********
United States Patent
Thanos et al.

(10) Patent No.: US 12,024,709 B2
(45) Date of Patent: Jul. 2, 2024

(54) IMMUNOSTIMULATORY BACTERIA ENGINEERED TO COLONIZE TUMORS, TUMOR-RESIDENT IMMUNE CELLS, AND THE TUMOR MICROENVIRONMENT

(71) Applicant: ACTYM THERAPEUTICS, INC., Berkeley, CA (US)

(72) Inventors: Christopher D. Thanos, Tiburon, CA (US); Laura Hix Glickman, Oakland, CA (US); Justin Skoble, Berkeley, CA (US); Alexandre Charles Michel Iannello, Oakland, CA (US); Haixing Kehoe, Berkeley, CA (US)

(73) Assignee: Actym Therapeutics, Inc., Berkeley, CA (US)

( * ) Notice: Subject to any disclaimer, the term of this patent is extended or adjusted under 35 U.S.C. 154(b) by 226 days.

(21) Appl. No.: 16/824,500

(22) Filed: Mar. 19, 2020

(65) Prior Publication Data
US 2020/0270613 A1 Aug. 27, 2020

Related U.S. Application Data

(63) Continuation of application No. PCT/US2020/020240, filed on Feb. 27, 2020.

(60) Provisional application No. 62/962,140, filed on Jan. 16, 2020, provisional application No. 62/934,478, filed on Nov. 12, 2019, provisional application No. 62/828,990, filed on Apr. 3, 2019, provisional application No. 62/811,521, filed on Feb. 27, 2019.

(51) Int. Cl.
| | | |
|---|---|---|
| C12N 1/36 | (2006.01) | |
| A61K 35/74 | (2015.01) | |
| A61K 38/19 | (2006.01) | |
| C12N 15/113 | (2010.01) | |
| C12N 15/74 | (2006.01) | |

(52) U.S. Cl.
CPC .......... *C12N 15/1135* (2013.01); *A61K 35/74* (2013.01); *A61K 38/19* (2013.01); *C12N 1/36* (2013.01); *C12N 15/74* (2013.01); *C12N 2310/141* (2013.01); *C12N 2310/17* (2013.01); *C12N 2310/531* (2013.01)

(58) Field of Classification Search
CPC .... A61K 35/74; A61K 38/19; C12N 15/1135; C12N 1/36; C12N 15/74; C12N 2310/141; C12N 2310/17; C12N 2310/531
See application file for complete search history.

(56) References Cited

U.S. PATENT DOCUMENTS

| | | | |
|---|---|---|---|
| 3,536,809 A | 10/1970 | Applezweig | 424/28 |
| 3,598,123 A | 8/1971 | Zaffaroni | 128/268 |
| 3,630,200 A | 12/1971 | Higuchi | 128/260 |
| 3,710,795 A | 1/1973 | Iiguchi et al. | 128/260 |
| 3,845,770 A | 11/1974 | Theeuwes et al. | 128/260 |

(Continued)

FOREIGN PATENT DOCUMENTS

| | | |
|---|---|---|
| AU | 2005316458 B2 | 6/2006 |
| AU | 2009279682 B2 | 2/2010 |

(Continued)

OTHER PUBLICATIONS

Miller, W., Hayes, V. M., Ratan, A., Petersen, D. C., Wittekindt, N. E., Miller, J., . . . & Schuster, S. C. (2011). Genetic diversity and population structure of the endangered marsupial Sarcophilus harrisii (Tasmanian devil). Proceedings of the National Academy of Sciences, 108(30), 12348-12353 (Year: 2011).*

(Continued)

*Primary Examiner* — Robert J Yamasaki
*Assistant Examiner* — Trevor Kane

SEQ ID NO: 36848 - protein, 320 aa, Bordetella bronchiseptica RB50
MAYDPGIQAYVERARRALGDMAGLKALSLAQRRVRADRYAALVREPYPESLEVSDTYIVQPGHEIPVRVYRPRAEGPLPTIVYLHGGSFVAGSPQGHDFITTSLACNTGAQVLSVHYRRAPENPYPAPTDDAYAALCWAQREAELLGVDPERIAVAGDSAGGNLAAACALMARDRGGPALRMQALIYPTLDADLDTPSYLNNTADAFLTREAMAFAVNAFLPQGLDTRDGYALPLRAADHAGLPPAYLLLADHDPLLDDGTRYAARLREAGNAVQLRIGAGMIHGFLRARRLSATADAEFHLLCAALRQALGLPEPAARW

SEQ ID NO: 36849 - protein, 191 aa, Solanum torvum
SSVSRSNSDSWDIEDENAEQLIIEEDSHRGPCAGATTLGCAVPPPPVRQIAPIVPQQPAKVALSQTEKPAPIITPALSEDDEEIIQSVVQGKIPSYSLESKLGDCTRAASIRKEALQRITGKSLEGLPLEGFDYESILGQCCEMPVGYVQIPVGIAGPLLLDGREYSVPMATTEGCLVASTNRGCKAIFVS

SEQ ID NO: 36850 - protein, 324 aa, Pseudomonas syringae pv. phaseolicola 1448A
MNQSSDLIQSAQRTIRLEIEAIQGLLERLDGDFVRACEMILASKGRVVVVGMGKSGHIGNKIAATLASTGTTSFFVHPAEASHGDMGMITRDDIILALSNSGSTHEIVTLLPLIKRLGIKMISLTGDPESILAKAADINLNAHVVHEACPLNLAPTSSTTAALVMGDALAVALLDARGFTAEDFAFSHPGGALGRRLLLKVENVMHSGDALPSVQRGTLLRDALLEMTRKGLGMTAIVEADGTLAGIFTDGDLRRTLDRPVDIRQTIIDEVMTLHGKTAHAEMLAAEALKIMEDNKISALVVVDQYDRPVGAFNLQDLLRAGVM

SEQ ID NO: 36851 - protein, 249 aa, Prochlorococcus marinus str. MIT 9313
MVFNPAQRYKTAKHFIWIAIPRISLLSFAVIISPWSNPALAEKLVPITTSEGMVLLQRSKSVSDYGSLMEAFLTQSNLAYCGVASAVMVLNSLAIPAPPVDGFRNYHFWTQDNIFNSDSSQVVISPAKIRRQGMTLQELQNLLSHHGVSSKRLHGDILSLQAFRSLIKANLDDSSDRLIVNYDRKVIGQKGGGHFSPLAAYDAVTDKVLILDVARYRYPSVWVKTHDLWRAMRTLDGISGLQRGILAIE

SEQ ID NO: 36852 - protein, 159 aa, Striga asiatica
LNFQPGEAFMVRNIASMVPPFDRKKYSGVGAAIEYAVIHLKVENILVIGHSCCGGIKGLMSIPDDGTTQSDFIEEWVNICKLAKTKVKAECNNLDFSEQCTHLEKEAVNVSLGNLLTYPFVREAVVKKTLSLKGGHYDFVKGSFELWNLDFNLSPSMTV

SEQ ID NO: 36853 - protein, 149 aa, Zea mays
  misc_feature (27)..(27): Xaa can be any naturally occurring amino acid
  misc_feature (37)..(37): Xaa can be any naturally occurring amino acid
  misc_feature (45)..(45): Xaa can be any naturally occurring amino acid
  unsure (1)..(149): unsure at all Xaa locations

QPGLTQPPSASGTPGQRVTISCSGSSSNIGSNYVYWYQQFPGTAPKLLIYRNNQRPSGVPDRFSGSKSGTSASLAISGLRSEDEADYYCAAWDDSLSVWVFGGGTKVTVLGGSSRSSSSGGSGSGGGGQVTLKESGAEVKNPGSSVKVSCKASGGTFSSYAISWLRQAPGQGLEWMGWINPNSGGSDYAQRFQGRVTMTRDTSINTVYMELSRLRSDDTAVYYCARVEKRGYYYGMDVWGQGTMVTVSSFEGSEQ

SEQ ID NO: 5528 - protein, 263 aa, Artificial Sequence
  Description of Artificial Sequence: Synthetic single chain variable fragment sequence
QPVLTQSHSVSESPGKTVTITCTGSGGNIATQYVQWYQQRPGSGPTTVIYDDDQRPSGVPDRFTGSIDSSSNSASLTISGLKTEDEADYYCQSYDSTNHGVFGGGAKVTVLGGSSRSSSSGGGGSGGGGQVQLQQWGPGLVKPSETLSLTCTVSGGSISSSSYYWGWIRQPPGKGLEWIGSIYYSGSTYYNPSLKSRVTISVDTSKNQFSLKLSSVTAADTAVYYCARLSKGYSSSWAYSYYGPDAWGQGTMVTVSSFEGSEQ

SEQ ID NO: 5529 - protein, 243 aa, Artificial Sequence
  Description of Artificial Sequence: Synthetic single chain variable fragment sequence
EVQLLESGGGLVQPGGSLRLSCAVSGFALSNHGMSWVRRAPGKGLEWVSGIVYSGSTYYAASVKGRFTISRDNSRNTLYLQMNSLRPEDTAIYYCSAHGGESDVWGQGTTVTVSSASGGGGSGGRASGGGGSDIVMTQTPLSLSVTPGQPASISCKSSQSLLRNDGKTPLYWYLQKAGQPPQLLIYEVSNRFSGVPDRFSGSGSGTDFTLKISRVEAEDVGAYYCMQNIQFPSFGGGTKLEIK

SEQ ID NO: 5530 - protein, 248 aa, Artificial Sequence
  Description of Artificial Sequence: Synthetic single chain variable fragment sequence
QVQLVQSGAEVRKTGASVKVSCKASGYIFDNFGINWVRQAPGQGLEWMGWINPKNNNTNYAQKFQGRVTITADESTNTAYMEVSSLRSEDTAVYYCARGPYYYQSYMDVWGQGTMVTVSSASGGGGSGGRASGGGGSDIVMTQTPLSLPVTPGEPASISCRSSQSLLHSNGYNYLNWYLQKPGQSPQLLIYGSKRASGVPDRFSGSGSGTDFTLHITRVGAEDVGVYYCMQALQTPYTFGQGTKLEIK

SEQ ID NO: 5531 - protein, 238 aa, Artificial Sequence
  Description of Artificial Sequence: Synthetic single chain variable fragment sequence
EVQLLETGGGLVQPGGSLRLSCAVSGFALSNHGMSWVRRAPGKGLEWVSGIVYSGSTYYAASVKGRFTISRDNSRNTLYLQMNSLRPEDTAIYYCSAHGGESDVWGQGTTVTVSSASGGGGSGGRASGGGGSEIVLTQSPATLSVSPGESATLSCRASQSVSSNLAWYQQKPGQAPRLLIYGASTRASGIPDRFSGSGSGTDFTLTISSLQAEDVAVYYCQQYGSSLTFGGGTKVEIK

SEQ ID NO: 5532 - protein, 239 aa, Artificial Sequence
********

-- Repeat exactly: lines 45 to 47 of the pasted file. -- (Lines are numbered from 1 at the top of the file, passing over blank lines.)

(Continued)

OTHER PUBLICATIONS

Miller, W., Hayes, V. M., Ratan, A., Petersen, D. C., Wittekindt, N. E., Miller, J., . . . & Schuster, S. C. (2011). Genetic diversity and population structure of the endangered marsupial Sarcophilus harrisii (Tasmanian devil). Proceedings of the National Academy of Sciences, 108(30), 12348-12353 (Year: 2011).*